Second, Mr. Adi plans to professionalize decision-making and human resources in food management. Based on Presidential Regulation No. 22 (2021), NFA staff will be drawn primarily from staff already employed in the Food Safety Unit of the Ministry of Agriculture. However, the NFA plans to increase the capacity of employees in each division to implement its tasks effectively and efficiently. Mr. Adi may be the man for the job. Coming from the private sector, he successfully reformed PT Food Station Tjipinang, a state-owned company in Jakarta, by professionalizing its business processes and human resources. Prior to his appointment as head of the NFA, he led ID Food Holding, a state-owned food holding company, which successfully consolidated seven of Indonesia’s major state-owned food companies into a single company. With a more professional decision-making process and improved human resources, the NFA can perhaps minimize conflicts of interest in the Indonesian food sector. Challenges include how some high-level positions in some food agencies or ministries are filled by political appointees with vested interests, who create policies in their favor due to limited oversight and a lack of transparency.

Third, the NFA will design a strategic plan (“Renstra” or rencana strategy) involving other stakeholders, including the private sector. Before designing this Renstra, the NFA will first align the existing roadmaps and strategic objectives of ministries and agencies working with and under the NFA. These include the Ministries of Public Enterprises, Agriculture, Commerce, ID Food Holding, Bulog (the National Logistics Agency), local public enterprises, associations and other communities. After that, NFA will develop a Renstra that encompasses the entire food supply chain from upstream to downstream. For example, the government’s program on new large-scale agricultural plantations (production-oriented) overseen by the Ministry of Defense needs to be coordinated with off-farm, post-harvest programs, including post-harvest technologies, to to minimize food waste and quality. deterioration and standardization of food products.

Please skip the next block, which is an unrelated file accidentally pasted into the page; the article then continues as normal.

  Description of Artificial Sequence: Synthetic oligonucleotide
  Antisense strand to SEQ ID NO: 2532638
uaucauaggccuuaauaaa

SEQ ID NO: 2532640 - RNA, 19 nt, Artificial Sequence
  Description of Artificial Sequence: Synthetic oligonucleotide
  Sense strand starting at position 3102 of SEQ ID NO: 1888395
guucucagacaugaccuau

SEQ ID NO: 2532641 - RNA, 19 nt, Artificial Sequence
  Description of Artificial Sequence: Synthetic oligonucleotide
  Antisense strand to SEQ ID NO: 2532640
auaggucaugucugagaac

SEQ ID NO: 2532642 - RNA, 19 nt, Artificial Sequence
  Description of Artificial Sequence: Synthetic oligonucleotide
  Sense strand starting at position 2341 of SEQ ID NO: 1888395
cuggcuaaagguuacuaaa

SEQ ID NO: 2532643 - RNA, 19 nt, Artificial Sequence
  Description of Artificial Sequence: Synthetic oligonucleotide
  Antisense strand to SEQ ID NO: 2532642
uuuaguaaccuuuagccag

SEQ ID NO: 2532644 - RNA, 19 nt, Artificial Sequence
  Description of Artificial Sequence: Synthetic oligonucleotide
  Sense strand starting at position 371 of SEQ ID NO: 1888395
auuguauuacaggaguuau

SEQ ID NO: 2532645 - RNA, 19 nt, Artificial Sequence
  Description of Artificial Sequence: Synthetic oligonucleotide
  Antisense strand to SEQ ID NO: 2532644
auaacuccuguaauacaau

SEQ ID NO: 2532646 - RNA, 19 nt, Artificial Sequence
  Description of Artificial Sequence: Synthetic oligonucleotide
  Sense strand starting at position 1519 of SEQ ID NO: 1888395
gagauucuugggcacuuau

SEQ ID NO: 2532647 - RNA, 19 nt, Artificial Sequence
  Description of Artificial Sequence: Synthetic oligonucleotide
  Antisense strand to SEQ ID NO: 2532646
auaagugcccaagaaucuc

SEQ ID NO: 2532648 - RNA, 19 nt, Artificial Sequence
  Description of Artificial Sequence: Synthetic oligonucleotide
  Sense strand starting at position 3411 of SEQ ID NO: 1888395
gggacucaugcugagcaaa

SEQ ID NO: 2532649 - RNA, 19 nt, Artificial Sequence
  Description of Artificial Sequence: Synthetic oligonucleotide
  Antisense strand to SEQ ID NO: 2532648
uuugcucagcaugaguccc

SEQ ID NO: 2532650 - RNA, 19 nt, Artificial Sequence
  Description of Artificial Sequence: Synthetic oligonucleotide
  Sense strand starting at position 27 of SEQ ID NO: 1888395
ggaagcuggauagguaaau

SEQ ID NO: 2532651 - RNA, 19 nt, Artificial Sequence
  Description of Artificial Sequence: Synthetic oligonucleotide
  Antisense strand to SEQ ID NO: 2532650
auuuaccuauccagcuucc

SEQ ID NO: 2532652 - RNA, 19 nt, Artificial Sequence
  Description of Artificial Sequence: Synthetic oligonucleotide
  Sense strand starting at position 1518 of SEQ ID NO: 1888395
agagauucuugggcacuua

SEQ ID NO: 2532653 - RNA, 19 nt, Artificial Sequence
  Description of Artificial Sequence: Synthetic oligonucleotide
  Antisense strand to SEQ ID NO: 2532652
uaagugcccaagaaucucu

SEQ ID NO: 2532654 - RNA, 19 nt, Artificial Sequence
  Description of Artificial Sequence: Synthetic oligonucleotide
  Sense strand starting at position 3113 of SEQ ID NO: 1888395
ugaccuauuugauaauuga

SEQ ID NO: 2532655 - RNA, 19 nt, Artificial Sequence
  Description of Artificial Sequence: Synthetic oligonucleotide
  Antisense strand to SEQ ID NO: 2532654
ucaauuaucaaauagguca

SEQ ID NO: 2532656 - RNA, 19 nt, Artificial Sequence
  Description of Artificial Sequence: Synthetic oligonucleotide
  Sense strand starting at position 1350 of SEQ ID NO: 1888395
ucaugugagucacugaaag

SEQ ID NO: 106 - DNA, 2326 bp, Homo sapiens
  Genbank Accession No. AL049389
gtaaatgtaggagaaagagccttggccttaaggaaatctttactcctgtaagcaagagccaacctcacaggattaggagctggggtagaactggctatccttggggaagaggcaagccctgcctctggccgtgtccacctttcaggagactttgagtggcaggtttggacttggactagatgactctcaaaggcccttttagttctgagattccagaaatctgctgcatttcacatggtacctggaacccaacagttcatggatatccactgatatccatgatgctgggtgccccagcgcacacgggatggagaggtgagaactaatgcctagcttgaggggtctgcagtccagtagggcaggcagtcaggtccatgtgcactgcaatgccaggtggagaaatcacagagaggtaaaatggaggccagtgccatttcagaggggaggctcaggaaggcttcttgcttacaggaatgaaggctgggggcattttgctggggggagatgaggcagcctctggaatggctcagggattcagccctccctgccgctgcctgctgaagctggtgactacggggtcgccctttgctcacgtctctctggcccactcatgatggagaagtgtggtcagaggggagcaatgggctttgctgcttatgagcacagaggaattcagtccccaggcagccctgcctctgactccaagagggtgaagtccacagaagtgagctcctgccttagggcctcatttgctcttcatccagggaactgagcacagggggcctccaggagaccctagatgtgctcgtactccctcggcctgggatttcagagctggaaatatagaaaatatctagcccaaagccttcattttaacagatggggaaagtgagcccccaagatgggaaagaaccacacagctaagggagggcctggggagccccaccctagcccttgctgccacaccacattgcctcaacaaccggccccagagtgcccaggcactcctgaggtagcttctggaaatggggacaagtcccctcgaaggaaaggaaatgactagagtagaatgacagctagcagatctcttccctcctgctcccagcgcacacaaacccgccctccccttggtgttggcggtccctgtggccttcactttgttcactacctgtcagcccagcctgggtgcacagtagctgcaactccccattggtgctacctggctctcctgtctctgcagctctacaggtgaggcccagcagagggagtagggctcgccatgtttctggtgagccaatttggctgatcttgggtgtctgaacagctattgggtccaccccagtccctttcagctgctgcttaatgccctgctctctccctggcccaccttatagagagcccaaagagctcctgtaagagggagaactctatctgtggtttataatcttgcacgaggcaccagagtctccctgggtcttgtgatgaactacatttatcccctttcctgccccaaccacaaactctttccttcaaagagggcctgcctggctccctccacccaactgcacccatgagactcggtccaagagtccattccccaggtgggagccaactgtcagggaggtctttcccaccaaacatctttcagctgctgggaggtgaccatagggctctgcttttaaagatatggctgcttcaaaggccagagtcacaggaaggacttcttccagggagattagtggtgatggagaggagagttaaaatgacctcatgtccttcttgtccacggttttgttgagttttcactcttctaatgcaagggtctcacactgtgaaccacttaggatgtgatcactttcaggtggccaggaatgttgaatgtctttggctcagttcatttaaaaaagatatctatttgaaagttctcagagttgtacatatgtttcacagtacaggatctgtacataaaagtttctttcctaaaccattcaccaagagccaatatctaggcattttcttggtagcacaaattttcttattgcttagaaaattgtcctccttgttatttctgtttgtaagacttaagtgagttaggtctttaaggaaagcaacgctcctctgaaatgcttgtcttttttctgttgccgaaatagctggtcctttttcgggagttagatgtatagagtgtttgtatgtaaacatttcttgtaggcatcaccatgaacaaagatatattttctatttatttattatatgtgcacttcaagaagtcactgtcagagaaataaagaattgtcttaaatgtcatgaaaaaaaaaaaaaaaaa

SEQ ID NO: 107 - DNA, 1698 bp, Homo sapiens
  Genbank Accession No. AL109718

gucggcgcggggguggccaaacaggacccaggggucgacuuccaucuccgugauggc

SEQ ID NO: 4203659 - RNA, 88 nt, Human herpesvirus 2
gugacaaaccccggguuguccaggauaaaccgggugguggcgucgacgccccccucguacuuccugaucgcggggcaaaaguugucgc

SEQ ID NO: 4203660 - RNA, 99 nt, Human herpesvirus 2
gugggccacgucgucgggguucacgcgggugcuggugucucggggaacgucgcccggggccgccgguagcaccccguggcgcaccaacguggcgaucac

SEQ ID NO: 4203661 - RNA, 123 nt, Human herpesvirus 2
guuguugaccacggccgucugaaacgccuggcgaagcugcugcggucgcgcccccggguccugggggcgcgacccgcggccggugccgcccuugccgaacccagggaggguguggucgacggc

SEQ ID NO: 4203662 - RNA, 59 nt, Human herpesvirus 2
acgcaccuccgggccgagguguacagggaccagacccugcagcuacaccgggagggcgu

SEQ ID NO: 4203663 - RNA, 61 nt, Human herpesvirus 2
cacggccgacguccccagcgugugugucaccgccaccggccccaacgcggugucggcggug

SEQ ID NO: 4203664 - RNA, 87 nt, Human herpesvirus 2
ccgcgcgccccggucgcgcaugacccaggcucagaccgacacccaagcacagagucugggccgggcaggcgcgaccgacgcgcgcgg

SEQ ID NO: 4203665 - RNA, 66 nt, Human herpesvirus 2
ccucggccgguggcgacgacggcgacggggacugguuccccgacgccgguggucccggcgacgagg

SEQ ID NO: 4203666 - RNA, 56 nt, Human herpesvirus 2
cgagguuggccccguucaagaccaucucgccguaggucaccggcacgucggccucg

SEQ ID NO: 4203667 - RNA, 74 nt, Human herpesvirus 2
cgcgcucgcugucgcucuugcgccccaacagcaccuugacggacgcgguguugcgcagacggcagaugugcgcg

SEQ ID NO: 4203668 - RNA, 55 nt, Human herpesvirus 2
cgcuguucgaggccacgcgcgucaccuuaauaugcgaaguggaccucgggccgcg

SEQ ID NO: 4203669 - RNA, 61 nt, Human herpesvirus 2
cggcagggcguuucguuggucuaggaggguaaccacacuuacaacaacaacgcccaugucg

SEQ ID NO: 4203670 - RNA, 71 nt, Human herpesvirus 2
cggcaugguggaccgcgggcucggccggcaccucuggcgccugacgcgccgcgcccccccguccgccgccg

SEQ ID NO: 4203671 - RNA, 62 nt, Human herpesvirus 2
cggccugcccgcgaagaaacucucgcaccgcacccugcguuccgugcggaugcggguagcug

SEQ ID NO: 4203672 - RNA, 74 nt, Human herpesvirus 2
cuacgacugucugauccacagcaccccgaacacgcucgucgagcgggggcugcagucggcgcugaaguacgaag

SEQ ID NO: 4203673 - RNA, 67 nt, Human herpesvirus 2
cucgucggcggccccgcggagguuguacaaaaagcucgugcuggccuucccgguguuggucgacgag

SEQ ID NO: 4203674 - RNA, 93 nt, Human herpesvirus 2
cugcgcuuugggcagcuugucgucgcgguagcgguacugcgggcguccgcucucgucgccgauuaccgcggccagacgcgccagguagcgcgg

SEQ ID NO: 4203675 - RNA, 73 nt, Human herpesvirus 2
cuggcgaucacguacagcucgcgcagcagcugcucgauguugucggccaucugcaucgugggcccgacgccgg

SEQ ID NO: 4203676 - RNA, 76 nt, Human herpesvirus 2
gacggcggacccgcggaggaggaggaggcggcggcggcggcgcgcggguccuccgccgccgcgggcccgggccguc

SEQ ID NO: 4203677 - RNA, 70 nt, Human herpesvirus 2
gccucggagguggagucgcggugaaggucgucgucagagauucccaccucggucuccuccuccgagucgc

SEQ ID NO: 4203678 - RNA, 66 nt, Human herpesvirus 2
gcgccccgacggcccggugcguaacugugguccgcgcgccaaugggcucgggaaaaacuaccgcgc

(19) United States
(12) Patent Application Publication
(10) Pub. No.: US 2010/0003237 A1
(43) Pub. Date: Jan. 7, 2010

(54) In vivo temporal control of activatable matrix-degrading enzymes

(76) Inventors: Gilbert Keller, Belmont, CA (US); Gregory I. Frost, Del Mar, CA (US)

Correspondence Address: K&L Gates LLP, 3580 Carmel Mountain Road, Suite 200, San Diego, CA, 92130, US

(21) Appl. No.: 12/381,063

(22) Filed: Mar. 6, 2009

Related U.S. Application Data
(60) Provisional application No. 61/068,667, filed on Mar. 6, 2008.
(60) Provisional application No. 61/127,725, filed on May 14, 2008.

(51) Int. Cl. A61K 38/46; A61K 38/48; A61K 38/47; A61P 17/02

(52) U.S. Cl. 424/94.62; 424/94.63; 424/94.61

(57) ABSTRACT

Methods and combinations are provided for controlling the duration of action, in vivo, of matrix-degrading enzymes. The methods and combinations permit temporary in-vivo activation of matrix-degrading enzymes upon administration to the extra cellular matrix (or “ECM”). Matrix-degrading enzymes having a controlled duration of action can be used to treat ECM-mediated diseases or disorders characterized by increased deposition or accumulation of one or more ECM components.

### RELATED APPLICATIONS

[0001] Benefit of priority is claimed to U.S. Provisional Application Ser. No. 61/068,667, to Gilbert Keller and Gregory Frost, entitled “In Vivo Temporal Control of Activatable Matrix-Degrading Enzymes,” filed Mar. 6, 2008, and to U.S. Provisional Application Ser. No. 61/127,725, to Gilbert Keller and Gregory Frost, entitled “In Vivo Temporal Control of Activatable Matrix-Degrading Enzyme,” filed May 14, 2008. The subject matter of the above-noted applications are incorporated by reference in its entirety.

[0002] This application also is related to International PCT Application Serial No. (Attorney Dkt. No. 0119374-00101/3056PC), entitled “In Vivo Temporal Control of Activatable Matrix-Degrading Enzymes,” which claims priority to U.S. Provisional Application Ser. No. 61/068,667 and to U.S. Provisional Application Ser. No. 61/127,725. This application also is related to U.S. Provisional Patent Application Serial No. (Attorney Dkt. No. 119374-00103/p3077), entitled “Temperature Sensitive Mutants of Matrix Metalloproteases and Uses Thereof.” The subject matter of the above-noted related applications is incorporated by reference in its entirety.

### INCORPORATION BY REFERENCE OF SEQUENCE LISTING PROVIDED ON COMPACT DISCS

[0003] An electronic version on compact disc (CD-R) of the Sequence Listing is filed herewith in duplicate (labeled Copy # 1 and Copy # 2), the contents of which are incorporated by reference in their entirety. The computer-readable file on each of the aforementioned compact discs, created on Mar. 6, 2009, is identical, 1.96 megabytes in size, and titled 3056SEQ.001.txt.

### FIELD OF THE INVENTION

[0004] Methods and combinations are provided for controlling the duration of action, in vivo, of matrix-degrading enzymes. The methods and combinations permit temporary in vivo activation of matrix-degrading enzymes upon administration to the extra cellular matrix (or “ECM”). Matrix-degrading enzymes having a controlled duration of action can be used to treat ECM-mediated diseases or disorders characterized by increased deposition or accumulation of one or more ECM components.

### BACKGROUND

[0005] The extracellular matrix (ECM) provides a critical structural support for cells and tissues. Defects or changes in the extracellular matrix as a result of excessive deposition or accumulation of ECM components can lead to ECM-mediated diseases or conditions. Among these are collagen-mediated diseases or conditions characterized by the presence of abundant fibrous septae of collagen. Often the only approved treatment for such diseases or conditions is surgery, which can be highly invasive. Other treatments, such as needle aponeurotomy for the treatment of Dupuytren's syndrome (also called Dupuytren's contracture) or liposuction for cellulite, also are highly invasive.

Furthermore, the cooking oil crisis has shown the need to include the private sector in Indonesia’s overall food management policy. As Mr. Adi mentioned, government alone “will not be able to overcome food shortages, nor should government manage food stocks independently.” The active participation and collaboration of all stakeholders is an important basis for the Indonesian government “to ensure an inclusive, resilient and sustainable food system”.

In addition to the above three strategies, the NFA plans to increase the national food stock of rice only to eleven food items within its mandate. This requires effective policy and program coordination with various stakeholders, including Bulog, which manages the national rice stock. Bulog will operate under the NFA.

The NFA will need to adapt and update its strategies and policies iteratively. Given that the current external shocks to the global food supply chain could trigger protectionist policies elsewhere, the NFA should manage and prioritize food affordability and accessibility for Indonesians over food. self-sufficiency in the short and medium term. An as-yet-unpublished World Bank study found that about a quarter of Indonesia’s 70 million households faced food shortages in October 2021, just over five percentage points more than during the pre-pandemic period, mainly due to the unaffordability of food. Fixing these issues will be the NFA’s core task and they can’t afford to make a meal out of it.

2022/136

About Walter Bartholomew